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The City and the Stars (Classic SF) Paperback – 11 Sep 1986

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Product details

  • Paperback: 252 pages
  • Publisher: Gollancz; New edition edition (11 Sept. 1986)
  • Language: English
  • ISBN-10: 0575038497
  • ISBN-13: 978-0575038493
  • Product Dimensions: 19.6 x 11.6 x 2 cm
  • Average Customer Review: 4.5 out of 5 stars  See all reviews (91 customer reviews)
  • Amazon Bestsellers Rank: 2,758,411 in Books (See Top 100 in Books)

More About the Author

Born in Somerset in 1917, Arthur C. Clarke has written over sixty books, among which are the science fiction classics 2001: A Space Odyssey, Childhood's End, The City and the Stars and Rendezvous With Rama. He has won all the most prestigious science fiction trophies, and shared an Oscar nomination with Stanley Kubrick for the screenplay of the film of 2001. He was knighted in 1998. He died in 2008 at his home in Sri Lanka.

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Review

Probably his most perfect work. --Encyclopedia of Science Fiction

Arthur C. Clarke is one of the truly prophetic figures of the space age ... The colossus of science fiction. --New Yorker --This text refers to an out of print or unavailable edition of this title.

Book Description

Clarke's masterful evocation of the far future of humanity, considered his finest novel. --This text refers to an alternate Paperback edition.

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Customer Reviews

4.5 out of 5 stars

Most Helpful Customer Reviews

36 of 36 people found the following review helpful By Dr. Robert Fisher on 3 Jan. 2008
Format: Paperback
I never thought I'd find myself describing a book in such terms, but Arthur C Clarke's "The City and the Stars" is simply a beautiful work of breath-taking vision and insight. It's beauty resides in the gentleness with which he submerges the reader not only into the flow of the story but into a way of thinking that makes us understand profound issues which confront the human race as we head into the future.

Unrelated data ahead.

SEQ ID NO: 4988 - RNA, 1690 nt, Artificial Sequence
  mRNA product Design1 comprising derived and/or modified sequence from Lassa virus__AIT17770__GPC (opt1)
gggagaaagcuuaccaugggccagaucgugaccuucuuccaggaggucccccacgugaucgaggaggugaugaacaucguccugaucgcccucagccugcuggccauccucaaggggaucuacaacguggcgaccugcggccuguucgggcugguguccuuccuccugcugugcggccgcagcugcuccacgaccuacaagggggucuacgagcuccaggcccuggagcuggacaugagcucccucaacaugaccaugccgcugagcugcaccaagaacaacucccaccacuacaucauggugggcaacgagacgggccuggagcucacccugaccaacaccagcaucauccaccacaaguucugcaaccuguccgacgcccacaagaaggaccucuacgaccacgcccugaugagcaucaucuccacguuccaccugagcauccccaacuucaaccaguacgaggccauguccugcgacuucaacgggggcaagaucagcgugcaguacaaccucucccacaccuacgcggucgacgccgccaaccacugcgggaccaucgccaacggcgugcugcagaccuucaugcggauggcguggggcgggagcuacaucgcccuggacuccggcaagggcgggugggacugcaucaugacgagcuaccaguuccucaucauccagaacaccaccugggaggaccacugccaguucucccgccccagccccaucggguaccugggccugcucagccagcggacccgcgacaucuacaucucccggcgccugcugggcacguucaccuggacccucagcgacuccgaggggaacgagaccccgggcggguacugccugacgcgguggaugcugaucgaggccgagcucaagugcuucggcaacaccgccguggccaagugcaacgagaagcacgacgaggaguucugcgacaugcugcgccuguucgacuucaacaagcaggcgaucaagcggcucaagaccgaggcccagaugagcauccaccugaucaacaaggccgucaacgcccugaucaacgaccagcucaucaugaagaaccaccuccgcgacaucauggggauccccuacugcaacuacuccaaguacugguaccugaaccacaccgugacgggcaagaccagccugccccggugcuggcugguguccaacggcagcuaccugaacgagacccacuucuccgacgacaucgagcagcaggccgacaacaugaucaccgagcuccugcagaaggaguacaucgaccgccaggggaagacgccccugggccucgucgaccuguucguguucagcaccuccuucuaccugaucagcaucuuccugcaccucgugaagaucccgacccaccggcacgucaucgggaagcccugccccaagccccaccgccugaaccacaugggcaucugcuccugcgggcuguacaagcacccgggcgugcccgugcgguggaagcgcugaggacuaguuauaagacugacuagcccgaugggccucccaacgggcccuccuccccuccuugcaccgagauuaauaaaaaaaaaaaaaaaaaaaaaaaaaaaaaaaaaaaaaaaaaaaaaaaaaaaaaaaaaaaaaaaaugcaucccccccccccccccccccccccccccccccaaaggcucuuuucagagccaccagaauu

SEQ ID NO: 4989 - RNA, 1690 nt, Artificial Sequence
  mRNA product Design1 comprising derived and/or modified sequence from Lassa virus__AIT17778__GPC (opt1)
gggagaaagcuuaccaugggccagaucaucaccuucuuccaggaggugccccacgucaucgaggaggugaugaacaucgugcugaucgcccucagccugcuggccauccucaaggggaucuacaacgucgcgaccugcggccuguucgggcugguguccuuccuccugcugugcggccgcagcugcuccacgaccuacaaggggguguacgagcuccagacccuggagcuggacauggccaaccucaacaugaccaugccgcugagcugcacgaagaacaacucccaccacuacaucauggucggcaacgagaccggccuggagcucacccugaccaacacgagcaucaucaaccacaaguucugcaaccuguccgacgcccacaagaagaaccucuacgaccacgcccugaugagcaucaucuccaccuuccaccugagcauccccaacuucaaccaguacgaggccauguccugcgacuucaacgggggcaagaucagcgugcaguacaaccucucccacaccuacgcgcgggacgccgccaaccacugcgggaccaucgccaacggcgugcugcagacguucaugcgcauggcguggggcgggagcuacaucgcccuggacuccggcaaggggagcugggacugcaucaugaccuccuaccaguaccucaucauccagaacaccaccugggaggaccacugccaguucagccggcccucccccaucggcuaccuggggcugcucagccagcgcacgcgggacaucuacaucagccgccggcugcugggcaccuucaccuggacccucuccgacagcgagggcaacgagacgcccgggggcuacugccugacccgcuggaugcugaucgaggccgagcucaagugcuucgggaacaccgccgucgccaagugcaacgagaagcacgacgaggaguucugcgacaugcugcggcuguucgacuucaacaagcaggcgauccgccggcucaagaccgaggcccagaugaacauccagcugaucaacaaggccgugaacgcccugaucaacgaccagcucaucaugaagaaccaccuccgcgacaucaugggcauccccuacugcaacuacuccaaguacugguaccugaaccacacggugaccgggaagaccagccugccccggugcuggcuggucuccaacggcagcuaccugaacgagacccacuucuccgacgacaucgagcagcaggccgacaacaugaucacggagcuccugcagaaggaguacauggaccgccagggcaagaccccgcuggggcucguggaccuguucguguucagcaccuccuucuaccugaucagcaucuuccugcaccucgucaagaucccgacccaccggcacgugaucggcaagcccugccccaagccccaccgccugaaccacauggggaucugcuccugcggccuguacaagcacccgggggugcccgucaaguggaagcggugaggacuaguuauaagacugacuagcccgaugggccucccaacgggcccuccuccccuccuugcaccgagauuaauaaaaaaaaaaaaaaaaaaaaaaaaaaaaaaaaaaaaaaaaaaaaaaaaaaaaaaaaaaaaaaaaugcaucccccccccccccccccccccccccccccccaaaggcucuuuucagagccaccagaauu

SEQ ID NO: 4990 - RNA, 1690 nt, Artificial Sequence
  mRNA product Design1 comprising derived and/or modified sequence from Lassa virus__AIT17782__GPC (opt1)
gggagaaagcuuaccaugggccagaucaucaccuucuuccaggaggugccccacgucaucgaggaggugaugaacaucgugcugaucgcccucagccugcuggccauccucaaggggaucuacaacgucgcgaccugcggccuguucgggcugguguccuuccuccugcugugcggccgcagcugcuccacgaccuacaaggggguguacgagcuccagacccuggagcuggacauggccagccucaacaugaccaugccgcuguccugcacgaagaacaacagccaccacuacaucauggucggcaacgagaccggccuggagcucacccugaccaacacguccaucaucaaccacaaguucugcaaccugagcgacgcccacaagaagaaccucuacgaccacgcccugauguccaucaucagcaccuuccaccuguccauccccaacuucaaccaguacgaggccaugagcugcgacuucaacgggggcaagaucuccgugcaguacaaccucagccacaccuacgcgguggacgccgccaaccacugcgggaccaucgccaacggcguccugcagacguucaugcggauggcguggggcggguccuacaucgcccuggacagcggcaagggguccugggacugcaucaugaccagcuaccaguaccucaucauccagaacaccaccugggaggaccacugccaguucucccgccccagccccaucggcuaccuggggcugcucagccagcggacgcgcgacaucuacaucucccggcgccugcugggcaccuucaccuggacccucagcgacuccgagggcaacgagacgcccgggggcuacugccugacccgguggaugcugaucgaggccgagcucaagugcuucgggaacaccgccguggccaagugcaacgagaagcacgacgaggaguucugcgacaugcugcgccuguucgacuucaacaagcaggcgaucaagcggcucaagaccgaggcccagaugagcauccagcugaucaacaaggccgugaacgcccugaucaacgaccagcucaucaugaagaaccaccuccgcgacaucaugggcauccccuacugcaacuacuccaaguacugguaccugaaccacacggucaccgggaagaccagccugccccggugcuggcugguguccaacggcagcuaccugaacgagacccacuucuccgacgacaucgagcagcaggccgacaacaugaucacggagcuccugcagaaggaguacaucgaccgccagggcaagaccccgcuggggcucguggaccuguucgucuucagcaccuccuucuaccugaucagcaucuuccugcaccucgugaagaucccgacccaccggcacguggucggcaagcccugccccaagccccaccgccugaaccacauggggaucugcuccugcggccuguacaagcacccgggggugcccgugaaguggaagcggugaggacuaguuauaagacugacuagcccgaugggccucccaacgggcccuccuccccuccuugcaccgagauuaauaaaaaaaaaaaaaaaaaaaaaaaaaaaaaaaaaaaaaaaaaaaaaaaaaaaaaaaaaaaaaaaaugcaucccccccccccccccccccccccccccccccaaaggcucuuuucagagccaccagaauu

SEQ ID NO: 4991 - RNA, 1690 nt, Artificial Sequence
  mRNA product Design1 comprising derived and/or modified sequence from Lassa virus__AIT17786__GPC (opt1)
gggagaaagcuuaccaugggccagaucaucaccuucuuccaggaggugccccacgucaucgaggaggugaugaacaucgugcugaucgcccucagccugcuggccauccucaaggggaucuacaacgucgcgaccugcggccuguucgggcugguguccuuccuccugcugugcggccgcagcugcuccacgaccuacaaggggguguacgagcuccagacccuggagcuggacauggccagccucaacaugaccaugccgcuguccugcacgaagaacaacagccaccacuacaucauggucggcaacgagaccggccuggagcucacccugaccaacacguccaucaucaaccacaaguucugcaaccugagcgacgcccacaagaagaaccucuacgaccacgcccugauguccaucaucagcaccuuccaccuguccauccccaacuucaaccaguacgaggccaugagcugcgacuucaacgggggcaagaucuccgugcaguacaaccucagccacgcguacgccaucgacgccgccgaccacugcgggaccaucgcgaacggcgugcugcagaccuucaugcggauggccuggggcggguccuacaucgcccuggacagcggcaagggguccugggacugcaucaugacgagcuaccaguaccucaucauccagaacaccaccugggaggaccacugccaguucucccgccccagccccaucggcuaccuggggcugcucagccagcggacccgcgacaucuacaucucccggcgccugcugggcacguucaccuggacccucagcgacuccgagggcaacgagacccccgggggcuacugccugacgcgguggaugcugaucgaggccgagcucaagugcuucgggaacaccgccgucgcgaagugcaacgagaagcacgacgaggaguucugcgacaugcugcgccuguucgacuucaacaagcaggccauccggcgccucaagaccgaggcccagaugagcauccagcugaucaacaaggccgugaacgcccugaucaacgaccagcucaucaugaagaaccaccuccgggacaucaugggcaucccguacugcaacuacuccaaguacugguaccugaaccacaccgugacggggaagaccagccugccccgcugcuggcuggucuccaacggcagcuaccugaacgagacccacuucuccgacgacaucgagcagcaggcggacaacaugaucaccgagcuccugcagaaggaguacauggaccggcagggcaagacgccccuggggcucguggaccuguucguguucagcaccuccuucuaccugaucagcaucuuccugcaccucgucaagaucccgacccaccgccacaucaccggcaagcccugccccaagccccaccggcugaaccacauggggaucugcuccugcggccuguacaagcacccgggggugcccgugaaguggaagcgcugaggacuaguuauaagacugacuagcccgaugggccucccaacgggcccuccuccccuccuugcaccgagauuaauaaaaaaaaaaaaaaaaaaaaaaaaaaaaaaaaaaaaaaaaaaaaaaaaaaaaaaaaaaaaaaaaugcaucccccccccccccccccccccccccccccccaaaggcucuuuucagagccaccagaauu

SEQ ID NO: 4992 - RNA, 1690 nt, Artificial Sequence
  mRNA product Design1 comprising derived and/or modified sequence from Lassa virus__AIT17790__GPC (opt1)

In part, what is remarkable is the book itself - written in 1956, it anticipates many of the problems and conflicts which the rise of technology presents us with today: in particular, how human beings themselves interact with and then become shaped by the machines they create. But what is even more remarkable is that Clarke's style does this in a way which takes the reader back to the early days of almost childhood innocence when everything is strange and new; the reader becomes a child again, looking at the world with eyes filled with wonder and asking the simplest of questions all over again. This is Clarke's critique of the main city - Diaspar: in effect, he is saying that with the rise of technology we become at first reliant on and then indifferent to the world. Machines do it for us - and then what is left for us to do or think? Diaspar is the city of the future - along with the stagnating human beings who fill that world.

The plot itself is breath-taking;in 255 pages we are unbelievably taken across a barren world millions of years into the future, across a long forgotten galaxy - and then back to Earth again, all with amazing precision, speed - and above all, stylistic grace. At no point are we forced into assumptions or presuppositions. The story unfolds quite naturally and without haste.
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8 of 8 people found the following review helpful By Shishya on 17 July 2011
Format: Paperback